Ministry expected to OK cervical cancer vaccine

Genetically engineered vaccine was successfully tested on adolescent girls and boys and found to provide "100% protection."

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February 11, 2006 22:25
1 minute read.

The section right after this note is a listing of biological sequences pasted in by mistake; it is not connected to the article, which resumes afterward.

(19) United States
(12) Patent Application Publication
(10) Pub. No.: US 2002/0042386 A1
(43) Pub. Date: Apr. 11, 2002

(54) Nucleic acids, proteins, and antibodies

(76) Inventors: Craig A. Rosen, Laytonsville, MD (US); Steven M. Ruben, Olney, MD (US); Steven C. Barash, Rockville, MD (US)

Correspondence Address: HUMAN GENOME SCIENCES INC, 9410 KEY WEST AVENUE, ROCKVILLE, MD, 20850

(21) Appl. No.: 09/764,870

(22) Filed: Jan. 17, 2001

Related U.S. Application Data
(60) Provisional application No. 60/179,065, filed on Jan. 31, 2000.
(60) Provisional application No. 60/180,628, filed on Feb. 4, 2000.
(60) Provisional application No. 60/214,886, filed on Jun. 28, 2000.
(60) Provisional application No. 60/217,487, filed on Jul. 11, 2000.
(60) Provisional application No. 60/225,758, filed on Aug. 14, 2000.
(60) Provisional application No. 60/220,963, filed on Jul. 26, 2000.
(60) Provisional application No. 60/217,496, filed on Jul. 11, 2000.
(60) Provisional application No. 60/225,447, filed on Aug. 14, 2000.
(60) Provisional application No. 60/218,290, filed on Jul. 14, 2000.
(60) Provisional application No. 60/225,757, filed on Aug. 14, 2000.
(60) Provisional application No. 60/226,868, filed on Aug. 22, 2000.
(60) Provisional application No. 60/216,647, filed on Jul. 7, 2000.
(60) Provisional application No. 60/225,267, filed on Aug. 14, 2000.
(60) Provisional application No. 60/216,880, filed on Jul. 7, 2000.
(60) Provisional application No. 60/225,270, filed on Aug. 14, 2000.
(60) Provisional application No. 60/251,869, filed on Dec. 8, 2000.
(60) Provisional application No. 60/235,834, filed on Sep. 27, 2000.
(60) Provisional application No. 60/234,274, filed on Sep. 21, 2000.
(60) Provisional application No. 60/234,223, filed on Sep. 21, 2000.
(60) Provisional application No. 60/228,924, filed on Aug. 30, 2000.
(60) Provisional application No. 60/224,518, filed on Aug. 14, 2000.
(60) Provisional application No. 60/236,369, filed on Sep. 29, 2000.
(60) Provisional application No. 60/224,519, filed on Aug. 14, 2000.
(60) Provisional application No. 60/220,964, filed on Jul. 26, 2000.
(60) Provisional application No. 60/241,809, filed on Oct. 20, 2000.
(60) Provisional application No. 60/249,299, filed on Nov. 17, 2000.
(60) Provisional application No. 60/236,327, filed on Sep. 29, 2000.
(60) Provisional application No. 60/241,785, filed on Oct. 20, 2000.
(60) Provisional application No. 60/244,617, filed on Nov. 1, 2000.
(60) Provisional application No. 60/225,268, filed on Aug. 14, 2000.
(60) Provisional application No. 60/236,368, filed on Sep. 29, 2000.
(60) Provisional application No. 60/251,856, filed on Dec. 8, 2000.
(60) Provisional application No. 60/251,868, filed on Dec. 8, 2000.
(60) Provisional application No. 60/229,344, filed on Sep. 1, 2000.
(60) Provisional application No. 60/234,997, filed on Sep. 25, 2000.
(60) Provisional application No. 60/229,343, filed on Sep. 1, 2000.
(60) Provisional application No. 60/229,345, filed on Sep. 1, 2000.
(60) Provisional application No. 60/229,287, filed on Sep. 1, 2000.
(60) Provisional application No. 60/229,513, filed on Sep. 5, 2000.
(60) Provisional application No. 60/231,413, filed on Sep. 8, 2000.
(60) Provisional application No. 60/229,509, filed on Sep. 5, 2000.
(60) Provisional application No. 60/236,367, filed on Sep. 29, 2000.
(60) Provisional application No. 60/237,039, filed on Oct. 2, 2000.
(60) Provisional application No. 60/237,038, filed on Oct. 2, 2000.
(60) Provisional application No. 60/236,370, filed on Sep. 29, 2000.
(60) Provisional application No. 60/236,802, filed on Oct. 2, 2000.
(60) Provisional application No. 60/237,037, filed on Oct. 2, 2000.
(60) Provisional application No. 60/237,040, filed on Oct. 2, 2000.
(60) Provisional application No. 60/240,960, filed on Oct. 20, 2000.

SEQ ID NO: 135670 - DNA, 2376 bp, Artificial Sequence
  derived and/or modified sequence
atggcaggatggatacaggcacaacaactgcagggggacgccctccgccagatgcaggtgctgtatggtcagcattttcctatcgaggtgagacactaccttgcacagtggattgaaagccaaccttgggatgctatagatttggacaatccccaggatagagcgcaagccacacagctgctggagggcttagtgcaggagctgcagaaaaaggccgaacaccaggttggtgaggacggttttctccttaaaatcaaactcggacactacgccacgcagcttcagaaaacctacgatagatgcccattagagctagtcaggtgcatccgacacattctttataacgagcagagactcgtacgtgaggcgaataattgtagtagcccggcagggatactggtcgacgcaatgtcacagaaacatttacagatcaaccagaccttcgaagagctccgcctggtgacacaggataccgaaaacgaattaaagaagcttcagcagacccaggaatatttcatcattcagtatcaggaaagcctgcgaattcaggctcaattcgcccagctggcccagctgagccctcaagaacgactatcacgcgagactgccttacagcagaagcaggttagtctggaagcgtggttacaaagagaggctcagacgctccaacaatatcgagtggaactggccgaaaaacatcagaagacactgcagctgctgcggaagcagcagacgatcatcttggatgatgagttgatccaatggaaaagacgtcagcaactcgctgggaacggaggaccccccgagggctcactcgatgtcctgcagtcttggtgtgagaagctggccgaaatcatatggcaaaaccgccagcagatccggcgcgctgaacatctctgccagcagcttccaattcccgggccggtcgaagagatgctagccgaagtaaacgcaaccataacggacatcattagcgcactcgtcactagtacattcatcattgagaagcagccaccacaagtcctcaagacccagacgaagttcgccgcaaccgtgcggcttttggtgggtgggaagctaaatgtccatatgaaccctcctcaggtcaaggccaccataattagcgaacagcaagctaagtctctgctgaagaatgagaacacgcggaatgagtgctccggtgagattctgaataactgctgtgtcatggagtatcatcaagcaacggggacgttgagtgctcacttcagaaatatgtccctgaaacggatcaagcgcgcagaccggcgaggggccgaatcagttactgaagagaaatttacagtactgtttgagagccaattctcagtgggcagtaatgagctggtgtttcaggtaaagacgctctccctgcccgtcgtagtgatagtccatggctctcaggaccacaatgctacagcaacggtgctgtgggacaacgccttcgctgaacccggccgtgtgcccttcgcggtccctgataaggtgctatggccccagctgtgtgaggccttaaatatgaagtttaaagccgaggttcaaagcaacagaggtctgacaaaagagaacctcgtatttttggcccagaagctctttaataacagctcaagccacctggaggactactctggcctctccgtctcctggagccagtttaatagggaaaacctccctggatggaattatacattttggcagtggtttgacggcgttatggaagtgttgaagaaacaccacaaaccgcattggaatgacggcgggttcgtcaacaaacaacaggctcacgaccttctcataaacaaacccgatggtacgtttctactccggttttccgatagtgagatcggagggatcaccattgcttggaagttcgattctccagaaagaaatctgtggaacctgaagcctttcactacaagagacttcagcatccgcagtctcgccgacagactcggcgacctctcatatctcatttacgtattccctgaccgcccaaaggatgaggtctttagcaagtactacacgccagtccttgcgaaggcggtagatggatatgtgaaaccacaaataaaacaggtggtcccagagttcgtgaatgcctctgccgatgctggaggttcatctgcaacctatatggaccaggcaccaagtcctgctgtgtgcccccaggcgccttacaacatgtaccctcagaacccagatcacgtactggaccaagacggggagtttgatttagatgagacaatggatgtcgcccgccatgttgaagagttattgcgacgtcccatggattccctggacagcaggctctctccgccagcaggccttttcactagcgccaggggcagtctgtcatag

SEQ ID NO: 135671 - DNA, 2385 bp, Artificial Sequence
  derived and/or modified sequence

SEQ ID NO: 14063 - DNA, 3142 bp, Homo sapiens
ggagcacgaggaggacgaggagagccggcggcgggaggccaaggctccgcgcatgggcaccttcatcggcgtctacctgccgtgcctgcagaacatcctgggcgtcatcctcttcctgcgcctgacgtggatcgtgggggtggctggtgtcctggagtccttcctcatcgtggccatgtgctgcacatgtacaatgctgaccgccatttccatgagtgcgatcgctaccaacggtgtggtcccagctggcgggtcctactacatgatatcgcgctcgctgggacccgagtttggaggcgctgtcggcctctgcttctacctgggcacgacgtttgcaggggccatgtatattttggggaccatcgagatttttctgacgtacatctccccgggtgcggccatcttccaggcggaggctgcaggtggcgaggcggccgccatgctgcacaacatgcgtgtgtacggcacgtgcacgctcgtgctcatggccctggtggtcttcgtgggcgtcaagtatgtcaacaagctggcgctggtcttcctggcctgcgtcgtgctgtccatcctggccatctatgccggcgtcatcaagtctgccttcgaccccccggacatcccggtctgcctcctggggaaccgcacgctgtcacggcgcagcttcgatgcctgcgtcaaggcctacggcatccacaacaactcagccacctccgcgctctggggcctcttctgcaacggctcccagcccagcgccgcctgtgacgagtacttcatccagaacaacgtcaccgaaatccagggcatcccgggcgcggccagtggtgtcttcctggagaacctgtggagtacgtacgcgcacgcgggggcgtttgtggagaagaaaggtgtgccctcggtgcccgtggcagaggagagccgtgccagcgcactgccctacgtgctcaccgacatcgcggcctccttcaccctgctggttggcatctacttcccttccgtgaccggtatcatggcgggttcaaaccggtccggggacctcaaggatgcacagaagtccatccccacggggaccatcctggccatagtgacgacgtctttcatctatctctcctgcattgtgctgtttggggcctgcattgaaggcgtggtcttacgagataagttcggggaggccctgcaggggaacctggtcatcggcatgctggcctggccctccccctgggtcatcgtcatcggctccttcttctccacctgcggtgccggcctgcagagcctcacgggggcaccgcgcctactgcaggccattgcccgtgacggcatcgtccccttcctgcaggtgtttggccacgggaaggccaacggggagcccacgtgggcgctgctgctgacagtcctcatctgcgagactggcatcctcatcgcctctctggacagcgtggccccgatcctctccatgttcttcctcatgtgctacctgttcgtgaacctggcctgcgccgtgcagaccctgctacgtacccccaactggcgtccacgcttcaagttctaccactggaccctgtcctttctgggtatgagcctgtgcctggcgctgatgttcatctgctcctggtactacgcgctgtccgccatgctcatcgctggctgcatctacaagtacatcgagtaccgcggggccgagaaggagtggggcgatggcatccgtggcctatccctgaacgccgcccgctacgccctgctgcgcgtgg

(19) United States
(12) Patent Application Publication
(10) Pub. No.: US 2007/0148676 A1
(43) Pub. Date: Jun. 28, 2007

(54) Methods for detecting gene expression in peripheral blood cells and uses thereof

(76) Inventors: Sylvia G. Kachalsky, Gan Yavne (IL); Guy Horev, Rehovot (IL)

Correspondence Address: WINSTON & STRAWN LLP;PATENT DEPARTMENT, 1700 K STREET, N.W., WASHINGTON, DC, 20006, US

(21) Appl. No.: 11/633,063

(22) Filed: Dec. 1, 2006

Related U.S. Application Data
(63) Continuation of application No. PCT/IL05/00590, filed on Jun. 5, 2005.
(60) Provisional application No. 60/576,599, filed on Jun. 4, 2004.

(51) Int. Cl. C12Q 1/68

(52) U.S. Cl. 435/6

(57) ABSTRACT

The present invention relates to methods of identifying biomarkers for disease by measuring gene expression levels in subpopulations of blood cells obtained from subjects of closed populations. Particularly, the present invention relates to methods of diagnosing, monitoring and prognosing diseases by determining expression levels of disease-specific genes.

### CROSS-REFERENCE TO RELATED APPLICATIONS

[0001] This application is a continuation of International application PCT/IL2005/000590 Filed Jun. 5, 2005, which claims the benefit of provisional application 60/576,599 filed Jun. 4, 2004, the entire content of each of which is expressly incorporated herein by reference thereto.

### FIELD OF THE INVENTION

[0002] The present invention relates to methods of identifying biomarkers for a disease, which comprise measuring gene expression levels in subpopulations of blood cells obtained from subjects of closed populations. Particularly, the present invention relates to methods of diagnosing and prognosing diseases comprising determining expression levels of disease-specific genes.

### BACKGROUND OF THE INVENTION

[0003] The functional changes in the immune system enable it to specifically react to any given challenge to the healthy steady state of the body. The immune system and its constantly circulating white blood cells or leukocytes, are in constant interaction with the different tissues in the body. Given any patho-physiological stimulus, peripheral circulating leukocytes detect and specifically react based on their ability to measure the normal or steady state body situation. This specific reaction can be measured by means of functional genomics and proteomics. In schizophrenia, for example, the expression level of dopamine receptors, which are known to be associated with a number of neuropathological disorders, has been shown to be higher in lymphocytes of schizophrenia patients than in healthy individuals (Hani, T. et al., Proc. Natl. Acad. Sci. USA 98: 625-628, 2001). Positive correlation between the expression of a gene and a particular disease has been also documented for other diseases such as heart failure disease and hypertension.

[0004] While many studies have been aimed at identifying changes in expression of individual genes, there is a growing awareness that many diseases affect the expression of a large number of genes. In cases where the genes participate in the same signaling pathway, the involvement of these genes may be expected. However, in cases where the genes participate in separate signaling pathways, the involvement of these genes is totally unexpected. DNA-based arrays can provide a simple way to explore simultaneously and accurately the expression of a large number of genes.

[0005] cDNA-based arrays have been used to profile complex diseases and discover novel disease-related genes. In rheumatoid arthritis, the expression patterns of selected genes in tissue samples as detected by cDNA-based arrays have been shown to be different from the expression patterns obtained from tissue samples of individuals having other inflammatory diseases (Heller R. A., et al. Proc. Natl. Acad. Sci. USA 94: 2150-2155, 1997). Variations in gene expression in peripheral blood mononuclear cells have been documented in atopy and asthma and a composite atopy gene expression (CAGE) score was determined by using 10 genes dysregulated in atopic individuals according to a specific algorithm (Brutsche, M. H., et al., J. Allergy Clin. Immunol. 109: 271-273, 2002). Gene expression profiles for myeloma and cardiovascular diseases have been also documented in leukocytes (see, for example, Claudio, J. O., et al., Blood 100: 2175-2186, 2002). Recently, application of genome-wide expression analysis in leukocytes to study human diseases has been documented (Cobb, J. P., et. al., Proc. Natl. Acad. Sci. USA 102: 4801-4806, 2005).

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The Health Ministry expects to register Gardasil, the world's first vaccine to protect against cervical cancer, soon after an application for its import is requested. The ministry will consider its inclusion in the basket of health services as a routine vaccination of teenage boys and girls against human papilloma virus (HPV), which causes cervical cancer. The ministry's decision came after the US Food and Drug Administration gave its speedy approval for registration of the Merck pharmaceutical company's life-saving vaccine. Dr. Eliav Bar, an Israeli citizen, is the clinical research director at Merck & Co. laboratories in the US, and is responsible for Gardasil's development. The genetically engineered vaccine was successfully tested on adolescent girls and boys and found to provide "100 percent protection" against four common HPV types - 16, 18, 6 and 11 - and related cervical cancer, cervical pre-cancers and genital warts. An estimated 20 million men and women are infected with HPV in the US alone. In most cases, the virus appears to go away on its own, but in some, it leads to cervical cancer, abnormal Pap tests and genital warts. Because men can become infected and unintentionally spread the virus, they contribute to the risk of cervical cancer and are at risk of developing genital warts and, rarely, some cancers. Worldwide, 250,000 women die of cervical cancer every year. According to the Israel Cancer Association, each year some 180 Israeli women contract cervical cancer. Apparently the rate is lower in Israel than in the US because the virus is less-easily spread by circumcised men, and virtually all men - Jewish and Muslim - in Israel are circumcised. Before the development of the vaccine, the only way to prevent sexually active women from contracting cervical cancer was to periodically perform a Pap smear in order to identify pre-cancerous cells and remove them surgically. But once the tumor develops, it is very difficult to get rid of surgically. Chemotherapy and radiotherapy are also given, and they often do not prevent metastasis to other parts of the body. The benefit of the vaccine could be even greater in the developing world, as few women there even get tested for cervical cancer. But to be fully effective, adolescents would need to be vaccinated before they are sexually active. Ignorance of HPV - 70% have never even heard of the virus - will require an educational campaign in order to sell the idea of the vaccine.

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